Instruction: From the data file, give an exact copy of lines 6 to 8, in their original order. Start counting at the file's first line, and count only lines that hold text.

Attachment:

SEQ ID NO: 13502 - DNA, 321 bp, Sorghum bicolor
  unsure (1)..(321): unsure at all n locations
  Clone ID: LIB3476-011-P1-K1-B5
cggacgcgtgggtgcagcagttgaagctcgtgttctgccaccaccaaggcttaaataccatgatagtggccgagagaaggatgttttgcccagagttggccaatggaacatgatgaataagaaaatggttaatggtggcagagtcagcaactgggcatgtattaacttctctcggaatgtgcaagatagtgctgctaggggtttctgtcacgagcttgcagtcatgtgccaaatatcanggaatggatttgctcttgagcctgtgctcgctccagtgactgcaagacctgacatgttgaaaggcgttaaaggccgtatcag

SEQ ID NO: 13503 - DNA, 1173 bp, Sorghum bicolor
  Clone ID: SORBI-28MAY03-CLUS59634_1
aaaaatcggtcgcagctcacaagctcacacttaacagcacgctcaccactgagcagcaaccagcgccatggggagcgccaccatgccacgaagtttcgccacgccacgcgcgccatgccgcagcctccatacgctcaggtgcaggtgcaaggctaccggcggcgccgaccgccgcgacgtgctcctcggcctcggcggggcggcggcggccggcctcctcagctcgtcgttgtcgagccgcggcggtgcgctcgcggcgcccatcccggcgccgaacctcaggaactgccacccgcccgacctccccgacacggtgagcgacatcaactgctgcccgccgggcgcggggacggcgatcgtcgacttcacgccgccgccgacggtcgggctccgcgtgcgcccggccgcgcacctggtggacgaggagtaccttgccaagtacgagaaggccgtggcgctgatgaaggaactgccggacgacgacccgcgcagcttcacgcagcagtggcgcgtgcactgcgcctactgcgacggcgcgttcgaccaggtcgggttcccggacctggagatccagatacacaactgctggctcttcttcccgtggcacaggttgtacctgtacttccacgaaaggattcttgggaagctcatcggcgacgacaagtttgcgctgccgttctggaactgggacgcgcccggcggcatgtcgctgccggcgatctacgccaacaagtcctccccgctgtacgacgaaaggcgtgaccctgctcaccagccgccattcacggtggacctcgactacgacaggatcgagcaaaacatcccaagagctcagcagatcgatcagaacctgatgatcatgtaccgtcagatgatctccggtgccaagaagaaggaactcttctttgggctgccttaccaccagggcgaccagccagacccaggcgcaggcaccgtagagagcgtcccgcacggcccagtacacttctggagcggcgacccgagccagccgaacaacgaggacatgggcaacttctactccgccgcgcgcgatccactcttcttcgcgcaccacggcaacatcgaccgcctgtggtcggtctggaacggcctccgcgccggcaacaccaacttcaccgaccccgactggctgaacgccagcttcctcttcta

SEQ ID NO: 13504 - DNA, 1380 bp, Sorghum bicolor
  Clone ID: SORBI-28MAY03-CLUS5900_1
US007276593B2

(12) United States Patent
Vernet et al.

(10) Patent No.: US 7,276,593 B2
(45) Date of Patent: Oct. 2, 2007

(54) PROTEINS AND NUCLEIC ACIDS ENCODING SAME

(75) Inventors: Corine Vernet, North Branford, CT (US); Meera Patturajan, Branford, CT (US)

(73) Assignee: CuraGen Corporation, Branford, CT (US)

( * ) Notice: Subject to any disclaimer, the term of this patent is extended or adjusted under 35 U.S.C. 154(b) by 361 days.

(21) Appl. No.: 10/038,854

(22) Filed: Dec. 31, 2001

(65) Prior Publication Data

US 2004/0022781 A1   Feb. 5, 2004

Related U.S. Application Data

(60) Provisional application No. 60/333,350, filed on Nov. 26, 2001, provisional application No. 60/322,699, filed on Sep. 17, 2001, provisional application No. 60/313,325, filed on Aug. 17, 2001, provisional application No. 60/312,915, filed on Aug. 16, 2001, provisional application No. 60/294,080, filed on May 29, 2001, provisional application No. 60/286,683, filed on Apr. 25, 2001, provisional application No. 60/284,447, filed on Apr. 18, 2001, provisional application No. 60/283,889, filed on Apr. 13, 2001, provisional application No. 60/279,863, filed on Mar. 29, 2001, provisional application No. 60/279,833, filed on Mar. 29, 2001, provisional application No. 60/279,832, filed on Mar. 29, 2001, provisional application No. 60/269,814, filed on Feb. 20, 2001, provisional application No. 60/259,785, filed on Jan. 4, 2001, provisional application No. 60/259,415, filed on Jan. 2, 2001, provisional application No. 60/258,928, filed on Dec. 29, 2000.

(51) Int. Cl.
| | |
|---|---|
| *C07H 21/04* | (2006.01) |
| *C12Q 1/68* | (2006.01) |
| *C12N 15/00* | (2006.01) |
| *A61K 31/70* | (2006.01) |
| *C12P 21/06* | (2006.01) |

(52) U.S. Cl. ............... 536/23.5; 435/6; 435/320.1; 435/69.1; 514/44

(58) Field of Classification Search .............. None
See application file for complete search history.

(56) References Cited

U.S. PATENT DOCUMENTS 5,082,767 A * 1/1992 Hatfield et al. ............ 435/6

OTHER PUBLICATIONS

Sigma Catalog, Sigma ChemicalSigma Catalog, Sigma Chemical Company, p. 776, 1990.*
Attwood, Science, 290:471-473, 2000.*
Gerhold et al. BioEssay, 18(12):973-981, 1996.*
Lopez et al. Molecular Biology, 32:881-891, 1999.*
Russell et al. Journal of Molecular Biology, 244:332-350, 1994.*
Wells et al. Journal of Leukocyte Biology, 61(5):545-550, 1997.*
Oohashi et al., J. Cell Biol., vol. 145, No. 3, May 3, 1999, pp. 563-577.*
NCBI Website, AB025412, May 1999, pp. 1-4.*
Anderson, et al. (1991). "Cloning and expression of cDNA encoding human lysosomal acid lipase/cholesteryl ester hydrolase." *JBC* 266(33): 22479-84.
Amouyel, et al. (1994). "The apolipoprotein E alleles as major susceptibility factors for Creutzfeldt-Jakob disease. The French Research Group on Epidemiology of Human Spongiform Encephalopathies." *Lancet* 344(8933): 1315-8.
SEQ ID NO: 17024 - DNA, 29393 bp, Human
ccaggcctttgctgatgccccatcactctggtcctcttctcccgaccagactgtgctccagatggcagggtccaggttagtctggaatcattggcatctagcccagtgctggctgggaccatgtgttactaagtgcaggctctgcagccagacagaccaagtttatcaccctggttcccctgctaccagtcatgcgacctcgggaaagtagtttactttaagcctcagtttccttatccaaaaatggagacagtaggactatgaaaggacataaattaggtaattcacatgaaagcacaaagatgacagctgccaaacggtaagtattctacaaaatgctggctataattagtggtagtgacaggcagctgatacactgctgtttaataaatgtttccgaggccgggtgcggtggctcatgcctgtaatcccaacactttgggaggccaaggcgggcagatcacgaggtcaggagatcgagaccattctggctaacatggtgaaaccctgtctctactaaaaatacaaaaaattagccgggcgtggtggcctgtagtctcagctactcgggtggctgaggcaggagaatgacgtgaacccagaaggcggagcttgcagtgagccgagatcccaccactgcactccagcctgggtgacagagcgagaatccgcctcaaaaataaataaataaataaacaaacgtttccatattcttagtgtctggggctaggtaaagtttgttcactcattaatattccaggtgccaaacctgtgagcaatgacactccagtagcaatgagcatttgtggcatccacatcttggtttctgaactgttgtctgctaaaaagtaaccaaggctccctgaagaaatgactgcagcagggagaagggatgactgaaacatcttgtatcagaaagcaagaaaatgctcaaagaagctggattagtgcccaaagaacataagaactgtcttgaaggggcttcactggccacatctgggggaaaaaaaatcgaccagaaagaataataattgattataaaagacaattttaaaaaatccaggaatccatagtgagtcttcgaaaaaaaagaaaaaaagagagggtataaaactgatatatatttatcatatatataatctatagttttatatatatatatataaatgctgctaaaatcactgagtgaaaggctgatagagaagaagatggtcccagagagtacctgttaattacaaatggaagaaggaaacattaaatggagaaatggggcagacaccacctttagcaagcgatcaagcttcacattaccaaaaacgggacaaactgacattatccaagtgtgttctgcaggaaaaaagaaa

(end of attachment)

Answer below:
  Clone ID: SORBI-28MAY03-CLUS59634_1
aaaaatcggtcgcagctcacaagctcacacttaacagcacgctcaccactgagcagcaaccagcgccatggggagcgccaccatgccacgaagtttcgccacgccacgcgcgccatgccgcagcctccatacgctcaggtgcaggtgcaaggctaccggcggcgccgaccgccgcgacgtgctcctcggcctcggcggggcggcggcggccggcctcctcagctcgtcgttgtcgagccgcggcggtgcgctcgcggcgcccatcccggcgccgaacctcaggaactgccacccgcccgacctccccgacacggtgagcgacatcaactgctgcccgccgggcgcggggacggcgatcgtcgacttcacgccgccgccgacggtcgggctccgcgtgcgcccggccgcgcacctggtggacgaggagtaccttgccaagtacgagaaggccgtggcgctgatgaaggaactgccggacgacgacccgcgcagcttcacgcagcagtggcgcgtgcactgcgcctactgcgacggcgcgttcgaccaggtcgggttcccggacctggagatccagatacacaactgctggctcttcttcccgtggcacaggttgtacctgtacttccacgaaaggattcttgggaagctcatcggcgacgacaagtttgcgctgccgttctggaactgggacgcgcccggcggcatgtcgctgccggcgatctacgccaacaagtcctccccgctgtacgacgaaaggcgtgaccctgctcaccagccgccattcacggtggacctcgactacgacaggatcgagcaaaacatcccaagagctcagcagatcgatcagaacctgatgatcatgtaccgtcagatgatctccggtgccaagaagaaggaactcttctttgggctgccttaccaccagggcgaccagccagacccaggcgcaggcaccgtagagagcgtcccgcacggcccagtacacttctggagcggcgacccgagccagccgaacaacgaggacatgggcaacttctactccgccgcgcgcgatccactcttcttcgcgcaccacggcaacatcgaccgcctgtggtcggtctggaacggcctccgcgccggcaacaccaacttcaccgaccccgactggctgaacgccagcttcctcttcta

SEQ ID NO: 13504 - DNA, 1380 bp, Sorghum bicolor